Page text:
CDRI announces $50 million fund for disaster management

It will fund ‘disaster-resilient’ infrastructure systems in developing countries and island nations which face the greatest threats from climate change.

November 10, 2022 02:22 pm | Updated 02:26 pm IST - NEW DELHI

Since the CDRI’s launch, 31 countries, six international organisations and two private sector organisations have joined as its members.

Since the CDRI’s launch, 31 countries, six international organisations and two private sector organisations have joined as its members. | Photo Credit: Special Arrangement

The Coalition for Disaster Resilient Infrastructure (CDRI), an international partnership launched by Prime Minister Narendra Modi on September 2019, announced a $50-million (approximately ₹400 crore) trust fund on Wednesday to fund “disaster-resilient” infrastructure systems in developing countries and island nations which face the greatest threats from climate change.

The fund, called the Infrastructure Resilience Accelerator Fund (IRAF), was announced at the India Pavilion, at the ongoing COP27 summit in Sharm El-Sheikh, Egypt. A formal call for proposals is expected to be announced later this month.

The IRAF will be managed by the United Nation Multi-Partner Trust Fund Office, New York. It will be supported by the governments of India, the United Kingdom, Australia and the European Union. The fund will offer “customised technical assistance, capacity building, research, knowledge management, and advocacy across the infrastructure life cycle for countries at all stages of development,” said an accompanying statement.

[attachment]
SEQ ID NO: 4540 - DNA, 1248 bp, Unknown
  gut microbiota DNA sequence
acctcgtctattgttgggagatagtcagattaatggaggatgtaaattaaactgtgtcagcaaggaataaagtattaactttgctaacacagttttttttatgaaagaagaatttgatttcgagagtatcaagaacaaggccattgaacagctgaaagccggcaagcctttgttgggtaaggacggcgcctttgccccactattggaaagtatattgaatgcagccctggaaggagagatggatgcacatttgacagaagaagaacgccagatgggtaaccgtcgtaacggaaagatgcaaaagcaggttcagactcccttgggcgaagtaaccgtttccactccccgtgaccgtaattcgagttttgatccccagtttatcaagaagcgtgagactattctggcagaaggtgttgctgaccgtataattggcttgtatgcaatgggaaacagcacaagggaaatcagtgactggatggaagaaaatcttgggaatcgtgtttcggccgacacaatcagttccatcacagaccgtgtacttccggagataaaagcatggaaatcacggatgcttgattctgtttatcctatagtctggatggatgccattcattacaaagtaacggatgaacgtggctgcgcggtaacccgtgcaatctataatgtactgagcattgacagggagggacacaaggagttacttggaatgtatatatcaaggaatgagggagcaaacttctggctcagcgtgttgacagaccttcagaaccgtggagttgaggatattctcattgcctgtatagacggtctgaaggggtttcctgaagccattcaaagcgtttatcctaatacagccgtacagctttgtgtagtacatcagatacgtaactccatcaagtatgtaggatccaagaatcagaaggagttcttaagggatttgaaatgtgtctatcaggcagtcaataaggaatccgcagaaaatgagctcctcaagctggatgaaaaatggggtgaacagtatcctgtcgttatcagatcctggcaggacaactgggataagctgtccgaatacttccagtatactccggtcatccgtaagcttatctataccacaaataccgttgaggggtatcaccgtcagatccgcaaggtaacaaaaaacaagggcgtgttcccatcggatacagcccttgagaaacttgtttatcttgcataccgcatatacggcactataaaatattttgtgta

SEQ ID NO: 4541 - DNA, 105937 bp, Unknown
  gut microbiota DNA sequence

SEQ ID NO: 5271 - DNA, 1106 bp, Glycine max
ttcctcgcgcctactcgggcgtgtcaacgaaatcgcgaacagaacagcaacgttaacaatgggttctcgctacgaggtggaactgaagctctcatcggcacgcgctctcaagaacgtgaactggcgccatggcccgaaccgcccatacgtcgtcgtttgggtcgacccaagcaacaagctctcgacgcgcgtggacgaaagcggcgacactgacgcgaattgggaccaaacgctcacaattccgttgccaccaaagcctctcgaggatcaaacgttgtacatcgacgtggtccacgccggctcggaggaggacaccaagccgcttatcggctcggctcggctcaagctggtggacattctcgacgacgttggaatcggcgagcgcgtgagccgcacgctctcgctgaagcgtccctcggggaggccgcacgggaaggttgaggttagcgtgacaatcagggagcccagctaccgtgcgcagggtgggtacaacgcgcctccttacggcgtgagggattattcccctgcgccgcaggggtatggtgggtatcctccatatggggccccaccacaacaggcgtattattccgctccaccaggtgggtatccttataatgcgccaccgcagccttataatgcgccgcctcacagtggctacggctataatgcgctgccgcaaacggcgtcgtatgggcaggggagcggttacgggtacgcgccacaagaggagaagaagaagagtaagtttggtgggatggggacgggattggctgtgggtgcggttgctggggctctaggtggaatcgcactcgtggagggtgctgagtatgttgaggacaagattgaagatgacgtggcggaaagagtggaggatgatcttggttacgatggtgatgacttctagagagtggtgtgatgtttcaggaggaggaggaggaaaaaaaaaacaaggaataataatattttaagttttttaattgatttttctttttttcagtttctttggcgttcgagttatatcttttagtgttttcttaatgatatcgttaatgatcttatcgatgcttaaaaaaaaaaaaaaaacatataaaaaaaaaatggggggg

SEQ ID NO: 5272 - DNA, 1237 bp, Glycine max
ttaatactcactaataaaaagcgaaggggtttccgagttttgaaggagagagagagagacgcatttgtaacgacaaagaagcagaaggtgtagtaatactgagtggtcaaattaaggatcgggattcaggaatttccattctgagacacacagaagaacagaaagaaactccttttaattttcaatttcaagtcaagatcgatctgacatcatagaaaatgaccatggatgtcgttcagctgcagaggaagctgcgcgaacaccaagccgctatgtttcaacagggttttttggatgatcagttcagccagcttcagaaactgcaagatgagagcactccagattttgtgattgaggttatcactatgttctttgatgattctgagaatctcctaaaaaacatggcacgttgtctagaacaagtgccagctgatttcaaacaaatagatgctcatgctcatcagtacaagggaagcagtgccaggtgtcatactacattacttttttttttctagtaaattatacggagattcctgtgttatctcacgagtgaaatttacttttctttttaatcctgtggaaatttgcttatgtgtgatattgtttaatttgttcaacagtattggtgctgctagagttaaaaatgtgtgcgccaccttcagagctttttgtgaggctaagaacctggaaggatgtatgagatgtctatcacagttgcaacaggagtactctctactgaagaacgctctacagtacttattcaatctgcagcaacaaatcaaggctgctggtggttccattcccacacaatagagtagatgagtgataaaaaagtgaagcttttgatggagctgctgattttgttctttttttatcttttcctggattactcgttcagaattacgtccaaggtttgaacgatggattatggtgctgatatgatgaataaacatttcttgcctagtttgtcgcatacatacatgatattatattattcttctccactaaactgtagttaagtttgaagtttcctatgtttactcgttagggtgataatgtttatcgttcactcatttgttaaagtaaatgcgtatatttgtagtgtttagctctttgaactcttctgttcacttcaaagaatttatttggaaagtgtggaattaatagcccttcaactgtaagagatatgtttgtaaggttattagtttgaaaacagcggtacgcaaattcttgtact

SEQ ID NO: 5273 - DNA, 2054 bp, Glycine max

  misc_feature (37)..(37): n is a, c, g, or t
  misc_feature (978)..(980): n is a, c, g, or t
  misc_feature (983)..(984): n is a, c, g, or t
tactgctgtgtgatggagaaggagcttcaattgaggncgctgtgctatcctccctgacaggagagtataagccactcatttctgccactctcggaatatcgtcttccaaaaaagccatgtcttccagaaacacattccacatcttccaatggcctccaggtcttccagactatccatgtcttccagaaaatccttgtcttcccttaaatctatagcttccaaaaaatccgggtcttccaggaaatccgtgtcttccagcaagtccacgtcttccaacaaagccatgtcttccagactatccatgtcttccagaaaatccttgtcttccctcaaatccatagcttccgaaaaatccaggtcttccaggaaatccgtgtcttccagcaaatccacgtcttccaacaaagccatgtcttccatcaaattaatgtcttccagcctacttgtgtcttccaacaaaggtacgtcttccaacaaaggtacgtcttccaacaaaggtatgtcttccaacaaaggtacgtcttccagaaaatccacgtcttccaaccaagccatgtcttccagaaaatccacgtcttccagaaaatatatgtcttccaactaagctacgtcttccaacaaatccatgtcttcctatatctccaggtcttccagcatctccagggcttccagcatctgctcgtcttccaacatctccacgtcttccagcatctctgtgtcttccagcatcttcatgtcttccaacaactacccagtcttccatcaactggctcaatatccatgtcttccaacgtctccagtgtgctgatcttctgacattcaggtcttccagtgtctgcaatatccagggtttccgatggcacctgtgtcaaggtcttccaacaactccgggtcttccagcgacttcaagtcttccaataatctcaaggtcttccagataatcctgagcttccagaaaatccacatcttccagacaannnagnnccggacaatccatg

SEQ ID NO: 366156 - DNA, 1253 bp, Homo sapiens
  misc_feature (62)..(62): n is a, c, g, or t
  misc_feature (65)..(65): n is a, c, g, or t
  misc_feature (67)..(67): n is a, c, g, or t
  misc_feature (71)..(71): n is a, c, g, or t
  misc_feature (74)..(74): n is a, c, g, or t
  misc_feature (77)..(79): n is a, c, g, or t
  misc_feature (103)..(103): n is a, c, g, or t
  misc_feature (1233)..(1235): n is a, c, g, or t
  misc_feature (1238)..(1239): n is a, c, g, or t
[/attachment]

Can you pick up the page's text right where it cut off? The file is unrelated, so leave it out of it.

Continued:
“We believe that IRAF will enable the CDRI to achieve its mandate of resilience through risk informed investments and infrastructure development resulting in reduced vulnerability of populations and reduced impact of extreme events and disasters on infrastructure systems,” CDRI Director General Amit Prothi said in a statement.

Since the CDRI’s launch, 31 countries, six international organisations and two private sector organisations have joined as its members.

On August 28, 2019, the Cabinet had approved the setting up of the CDRI with its Secretariat in New Delhi along with a support of ₹480 crore. The support from the government of India serves as a corpus for the CDRI to fund technical assistance and research projects on an ongoing basis, setting up the Secretariat office and covering recurring expenditures over a period of five years from 2019-20 to 2023-24. A portion of this corpus will constitute India’s contribution towards the IRAF, a spokesperson told The Hindu.

The CDRI was launched by Mr. Modi during the United Nations Climate Action Summit on September 23, 2019, at New York and envisioned as a global partnership of national governments, U.N. agencies and programmes, multilateral development banks and financing mechanisms, the private sector, academic and knowledge institutions that aim to promote the resilience of infrastructure systems to climate and disaster risks, thereby ensuring sustainable development.

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